9th Annual Farm Tour

Farm Tour 2016

Farm Tour 2016

Billed as a great family weekend, the Ninth Annual Farm Tour includes visits to more than twenty farms. Happening next weekend, October 22 and 23, 2016, visitors will learn about local farms, resource organizations, small gardeners and related vendors. There are farms near you in Leon County, Gadsden County, Jefferson County, Madison or Taylor County and farther west.

Jefferson County has a surprising lot of farms on this tour. Those farms will be open and welcoming you. I know of a farm where they specialize in Tennessee Fainting Goats, (be sure to see the great dogs who protect them). You will find farms that raise large varieties of vegetables, others that specialize in just a few or even in different kinds of fruit. There’s another near Monticello that raises bees and sells honey. You will find 20 farms in all, probably more than you can visit in a weekend.

Some of these most interesting places have mazes and other entertainment for your children and grandchildren, special entertainment besides the expected animals, chicken, turkeys and equipment they will be interested in seeing. Oh – there’s even a farm near Monticello where they grind Sugar Cane another that makes Mayhaw jelly.

 

Booklets with a map and complete information are available in many places in Monticello, Tallahassee, Greenville, Havana and other towns—even Bonifay and Eridu.

Remember, this is a self-guided tour. Each farm on the map gives you its own contact information. Don’t bring your pets, farm animals just don’t appreciate them as much as you do. Enjoy your weekend.

Lists of Farms to Visit

Monticello’s Harvest Dinner in a Rain Storm

Dessert Table - Harvest Dinner

Friends at Dinner

                         All seats were sold out, of course.  

All the best people were there — ready for a great Saturday evening at the Harvest Dinner by the Jefferson County Historical Association. Tables  placed around the Wirick-Simmons Garden in Monticello were all full. Guests ate venison, quail, sweet potatoes, deviled eggs and more.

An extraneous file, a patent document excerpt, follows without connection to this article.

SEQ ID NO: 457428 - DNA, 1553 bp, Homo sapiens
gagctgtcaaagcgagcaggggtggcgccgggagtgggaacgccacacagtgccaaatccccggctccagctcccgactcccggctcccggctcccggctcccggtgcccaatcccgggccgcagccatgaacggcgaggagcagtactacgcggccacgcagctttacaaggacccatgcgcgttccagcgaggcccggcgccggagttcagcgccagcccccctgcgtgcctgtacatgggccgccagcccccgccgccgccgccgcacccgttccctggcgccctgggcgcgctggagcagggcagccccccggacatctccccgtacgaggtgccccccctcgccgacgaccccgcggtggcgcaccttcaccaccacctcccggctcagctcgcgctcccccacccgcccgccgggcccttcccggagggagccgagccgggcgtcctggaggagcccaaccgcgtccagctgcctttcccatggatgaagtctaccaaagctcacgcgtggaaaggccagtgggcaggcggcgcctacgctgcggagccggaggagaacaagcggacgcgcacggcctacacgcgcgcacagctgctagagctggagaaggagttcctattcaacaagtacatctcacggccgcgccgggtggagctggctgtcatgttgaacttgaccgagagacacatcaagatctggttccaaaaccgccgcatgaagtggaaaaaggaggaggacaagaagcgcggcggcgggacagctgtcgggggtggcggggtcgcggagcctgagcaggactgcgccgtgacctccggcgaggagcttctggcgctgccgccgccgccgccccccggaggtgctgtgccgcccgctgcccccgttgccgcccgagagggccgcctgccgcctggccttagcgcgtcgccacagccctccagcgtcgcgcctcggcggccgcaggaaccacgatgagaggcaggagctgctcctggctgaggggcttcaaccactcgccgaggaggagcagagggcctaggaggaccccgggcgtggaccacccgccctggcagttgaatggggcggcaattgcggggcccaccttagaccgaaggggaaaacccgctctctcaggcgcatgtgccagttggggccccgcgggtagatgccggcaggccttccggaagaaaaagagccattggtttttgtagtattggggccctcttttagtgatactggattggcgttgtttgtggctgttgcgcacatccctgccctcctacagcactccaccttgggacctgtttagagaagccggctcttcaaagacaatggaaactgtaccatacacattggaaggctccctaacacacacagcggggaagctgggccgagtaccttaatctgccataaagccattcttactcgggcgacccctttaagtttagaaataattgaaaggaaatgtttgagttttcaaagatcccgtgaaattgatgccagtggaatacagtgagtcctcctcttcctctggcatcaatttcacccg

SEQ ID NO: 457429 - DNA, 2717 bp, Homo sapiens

Barbara presided over yummy looking cakes, from pecan to double chocolate.

Then it sprinkled a little rain.

Everyone laughed a little and continued eating and talking to their friends around the large round tables.

Then it started to rain seriously. It began to pour. The wind blew and it rained — Oh my, how it rained.

As one, members of the group grabbed their plates and rushed under the large serving tent. Instead of six people at a table they crowded in twelve or maybe more – still enjoying their food.

Others stood along the serving tables. Some held their fine china plate in one hand and their real silver fork in the other. No matter the little rain problem, the food was delicious even interesting—and the company was better.

Some might want to say the Jefferson County Historical Association’s Harvest Dinner was rained out this year. They might want to say the event was a wash out, but that’s not what happened. We had a fabulous time and will never forget the wonderful Harvest Dinner when it rained buckets for hours. The dinner where we crowded in the serving tent, enjoyed our meal, our dessert. Some even finished with a cup of coffee, and we talked.

Yes, we talked. Groups formed and re-formed we reached out to everyone. Newcomers met life-long residents. We had time—time to find out what our old and new friends were doing and how things changed in their lives. We will certainly never forget this Harvest Dinner. When it was over, we realized — we didn’t mind a little rain at all.

Friends Eating and Laughing

Friends Eating and Laughing

Laughter is the best medicine.

Laughter is the best medicine.